activity until the inspection is complete. So we cannot finish

before a certain date, or we cannot start later than a.

Certain date again, if it's going to be impacted by weather, we

cannot start later than that, and we cannot finish later than a

certain date. Also for the same reason,

the more the most rigid type of constraint is the one that binds

me both ways. So starting exactly on a certain date, not before

that, not after that, but exactly on or finishing exactly on a

certain date again, not before, not after, but exactly finishing

on a certain date. So these six types of constraints start no

earlier than start, no later than finish, no earlier than finish no

later than start on and finish on. Are types of constraints that can

be inserted in the network, and they might have some effect on the

calculations, not always, but in many cases, they would have an

effect on the calculations. Some of them will have an immediate

effect on the calculations, as we're going to see in a moment.

How are we going to represent these constraints, at least

graphically, they are represented by an inverted triangle,

inverted equilateral triangle like this one here,

with all three sides equal, and that triangle is going to be split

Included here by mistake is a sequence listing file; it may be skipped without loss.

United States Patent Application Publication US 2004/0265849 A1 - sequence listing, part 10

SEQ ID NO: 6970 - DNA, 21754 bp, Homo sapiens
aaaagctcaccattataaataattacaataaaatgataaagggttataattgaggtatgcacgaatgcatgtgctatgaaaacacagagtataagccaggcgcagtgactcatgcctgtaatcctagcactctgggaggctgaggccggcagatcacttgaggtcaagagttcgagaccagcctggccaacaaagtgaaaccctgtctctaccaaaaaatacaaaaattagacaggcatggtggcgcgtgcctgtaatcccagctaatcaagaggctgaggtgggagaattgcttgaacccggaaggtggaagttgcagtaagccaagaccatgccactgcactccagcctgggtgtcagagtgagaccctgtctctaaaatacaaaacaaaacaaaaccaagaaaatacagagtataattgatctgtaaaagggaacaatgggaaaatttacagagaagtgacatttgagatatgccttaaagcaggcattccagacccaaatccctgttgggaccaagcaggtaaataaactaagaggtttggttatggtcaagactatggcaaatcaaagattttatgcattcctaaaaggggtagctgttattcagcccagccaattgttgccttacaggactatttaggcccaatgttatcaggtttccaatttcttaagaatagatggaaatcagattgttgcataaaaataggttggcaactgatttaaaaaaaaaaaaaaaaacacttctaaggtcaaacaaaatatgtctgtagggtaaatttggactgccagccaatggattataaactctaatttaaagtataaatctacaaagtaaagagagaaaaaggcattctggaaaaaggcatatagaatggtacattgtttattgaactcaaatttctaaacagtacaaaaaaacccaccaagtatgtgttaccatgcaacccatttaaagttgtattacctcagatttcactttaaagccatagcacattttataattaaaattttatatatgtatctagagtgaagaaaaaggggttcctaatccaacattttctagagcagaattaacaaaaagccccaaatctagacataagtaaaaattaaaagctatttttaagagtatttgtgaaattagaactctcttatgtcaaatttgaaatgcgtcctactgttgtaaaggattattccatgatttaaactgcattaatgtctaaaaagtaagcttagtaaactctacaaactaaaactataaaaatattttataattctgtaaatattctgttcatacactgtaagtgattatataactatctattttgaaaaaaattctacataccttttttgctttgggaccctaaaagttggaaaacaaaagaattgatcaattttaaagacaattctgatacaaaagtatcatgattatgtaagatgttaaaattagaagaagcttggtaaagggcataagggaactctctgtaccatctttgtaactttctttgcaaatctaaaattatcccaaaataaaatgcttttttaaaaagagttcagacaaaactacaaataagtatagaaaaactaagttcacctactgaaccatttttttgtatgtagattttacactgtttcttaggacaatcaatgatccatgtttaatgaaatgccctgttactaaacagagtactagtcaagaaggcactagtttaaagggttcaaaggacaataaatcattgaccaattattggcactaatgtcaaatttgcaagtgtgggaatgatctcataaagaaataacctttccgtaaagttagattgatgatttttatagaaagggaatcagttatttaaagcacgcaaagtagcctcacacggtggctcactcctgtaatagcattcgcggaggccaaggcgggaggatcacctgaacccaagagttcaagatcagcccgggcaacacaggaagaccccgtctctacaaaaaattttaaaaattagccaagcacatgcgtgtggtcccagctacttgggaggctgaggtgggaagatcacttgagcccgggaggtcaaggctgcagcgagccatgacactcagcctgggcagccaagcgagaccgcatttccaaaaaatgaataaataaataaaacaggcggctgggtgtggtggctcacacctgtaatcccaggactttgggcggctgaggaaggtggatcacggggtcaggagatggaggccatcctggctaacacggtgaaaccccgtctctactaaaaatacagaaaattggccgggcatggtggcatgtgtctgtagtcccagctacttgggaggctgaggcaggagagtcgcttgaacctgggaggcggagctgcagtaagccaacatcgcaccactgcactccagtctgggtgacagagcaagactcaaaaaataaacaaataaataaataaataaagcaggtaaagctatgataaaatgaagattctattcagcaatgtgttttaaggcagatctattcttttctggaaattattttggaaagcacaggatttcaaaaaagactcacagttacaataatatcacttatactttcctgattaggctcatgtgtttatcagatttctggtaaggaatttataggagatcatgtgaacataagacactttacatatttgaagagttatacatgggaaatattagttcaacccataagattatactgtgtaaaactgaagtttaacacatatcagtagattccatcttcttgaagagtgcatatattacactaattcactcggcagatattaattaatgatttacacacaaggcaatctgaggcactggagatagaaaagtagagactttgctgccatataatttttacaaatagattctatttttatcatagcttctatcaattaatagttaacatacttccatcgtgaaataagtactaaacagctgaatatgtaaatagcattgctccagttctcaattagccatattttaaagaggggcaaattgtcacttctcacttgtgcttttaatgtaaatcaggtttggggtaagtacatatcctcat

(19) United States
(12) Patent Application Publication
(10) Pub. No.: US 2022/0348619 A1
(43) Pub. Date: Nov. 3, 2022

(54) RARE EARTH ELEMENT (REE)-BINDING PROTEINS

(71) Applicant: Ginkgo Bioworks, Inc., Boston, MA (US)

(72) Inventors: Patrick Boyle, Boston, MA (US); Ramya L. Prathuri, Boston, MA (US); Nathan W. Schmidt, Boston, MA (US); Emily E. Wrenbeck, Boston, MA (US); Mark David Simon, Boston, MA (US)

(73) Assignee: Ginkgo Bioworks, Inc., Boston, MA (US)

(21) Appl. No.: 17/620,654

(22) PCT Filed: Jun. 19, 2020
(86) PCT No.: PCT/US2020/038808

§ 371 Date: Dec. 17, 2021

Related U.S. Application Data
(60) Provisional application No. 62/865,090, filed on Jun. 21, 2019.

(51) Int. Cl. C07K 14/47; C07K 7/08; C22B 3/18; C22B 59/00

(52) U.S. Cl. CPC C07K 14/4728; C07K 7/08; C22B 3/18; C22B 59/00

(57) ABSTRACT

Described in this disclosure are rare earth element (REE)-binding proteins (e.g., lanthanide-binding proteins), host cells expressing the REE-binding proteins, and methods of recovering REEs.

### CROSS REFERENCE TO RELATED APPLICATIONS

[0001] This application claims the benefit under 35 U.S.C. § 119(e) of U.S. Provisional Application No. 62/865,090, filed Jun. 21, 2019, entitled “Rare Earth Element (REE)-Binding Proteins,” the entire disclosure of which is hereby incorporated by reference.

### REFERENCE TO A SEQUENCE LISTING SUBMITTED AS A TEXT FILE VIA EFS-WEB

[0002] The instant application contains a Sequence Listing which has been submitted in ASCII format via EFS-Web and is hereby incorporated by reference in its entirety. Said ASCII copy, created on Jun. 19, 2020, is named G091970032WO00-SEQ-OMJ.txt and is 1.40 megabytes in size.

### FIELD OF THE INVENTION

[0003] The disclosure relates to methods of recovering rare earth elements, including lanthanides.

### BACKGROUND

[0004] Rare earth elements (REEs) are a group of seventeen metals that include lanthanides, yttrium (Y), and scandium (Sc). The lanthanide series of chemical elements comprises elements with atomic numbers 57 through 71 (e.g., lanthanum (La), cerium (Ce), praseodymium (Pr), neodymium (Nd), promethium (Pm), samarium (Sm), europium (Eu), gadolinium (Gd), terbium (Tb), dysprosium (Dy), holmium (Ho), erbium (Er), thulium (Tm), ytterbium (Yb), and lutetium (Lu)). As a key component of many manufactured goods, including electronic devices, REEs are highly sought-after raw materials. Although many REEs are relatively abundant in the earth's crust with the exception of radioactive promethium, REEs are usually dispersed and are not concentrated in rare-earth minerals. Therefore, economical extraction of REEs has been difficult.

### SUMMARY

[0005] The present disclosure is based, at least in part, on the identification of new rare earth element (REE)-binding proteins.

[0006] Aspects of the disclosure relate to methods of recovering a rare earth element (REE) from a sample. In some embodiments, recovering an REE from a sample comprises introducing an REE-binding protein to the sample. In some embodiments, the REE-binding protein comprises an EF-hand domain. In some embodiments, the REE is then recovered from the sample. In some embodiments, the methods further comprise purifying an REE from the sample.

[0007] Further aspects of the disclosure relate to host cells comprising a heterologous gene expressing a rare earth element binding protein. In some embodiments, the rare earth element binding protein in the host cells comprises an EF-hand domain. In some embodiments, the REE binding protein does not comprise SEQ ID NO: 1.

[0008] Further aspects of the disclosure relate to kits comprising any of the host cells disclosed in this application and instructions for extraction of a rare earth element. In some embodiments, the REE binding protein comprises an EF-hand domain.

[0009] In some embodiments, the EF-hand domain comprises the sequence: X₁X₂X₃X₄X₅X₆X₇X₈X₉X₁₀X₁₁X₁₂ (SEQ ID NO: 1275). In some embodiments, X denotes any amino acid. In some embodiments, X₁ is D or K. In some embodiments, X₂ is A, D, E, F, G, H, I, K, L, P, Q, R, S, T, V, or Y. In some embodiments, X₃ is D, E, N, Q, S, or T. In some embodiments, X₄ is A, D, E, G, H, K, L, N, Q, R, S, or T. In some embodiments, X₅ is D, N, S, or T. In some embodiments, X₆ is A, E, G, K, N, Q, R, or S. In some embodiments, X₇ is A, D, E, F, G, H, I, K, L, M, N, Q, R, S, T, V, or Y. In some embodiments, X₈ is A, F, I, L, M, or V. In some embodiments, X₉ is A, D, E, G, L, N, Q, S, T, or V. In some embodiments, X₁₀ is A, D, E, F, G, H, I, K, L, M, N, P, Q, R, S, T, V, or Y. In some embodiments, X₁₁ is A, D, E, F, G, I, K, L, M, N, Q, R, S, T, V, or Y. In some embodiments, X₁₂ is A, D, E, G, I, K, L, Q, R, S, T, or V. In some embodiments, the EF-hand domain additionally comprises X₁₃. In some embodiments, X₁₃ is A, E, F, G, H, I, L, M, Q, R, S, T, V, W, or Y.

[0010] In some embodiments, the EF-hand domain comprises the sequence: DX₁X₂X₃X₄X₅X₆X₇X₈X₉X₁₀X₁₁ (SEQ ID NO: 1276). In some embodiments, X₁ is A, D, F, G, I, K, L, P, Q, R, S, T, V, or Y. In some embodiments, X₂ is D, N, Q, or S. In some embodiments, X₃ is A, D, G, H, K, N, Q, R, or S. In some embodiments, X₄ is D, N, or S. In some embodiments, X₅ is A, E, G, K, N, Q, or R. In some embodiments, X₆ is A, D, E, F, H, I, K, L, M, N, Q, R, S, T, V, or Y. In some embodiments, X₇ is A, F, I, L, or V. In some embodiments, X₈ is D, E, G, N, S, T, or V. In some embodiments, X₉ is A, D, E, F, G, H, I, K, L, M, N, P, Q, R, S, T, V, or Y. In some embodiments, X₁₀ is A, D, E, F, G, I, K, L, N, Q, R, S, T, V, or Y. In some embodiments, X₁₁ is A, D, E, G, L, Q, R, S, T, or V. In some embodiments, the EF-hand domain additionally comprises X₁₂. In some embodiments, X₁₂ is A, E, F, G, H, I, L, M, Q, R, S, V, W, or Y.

in the middle by a vertical line,

which splits it into two identical halves.

Now the shaded half represents where the constraint is going to

be applied. Remember that the network flows from left to right.

So on the left side, as we're moving, if I hit the constraint,

that means it's going to affect my forward pass calculations. And the

forward pass calculations are basically the early dates. So if

it's an early date constraint, the shaded part is going to be on the

left side of the triangle, or the dark side, the dark part is going

to be on the left side of the triangle. If, on the other hand,

the shaded or the dark side is on the right side, that means it's

going to affect my backward pass calculations. Is not going to have

any impact on the forward pass. It's only going to affect my

backward pass calculations, including late start and late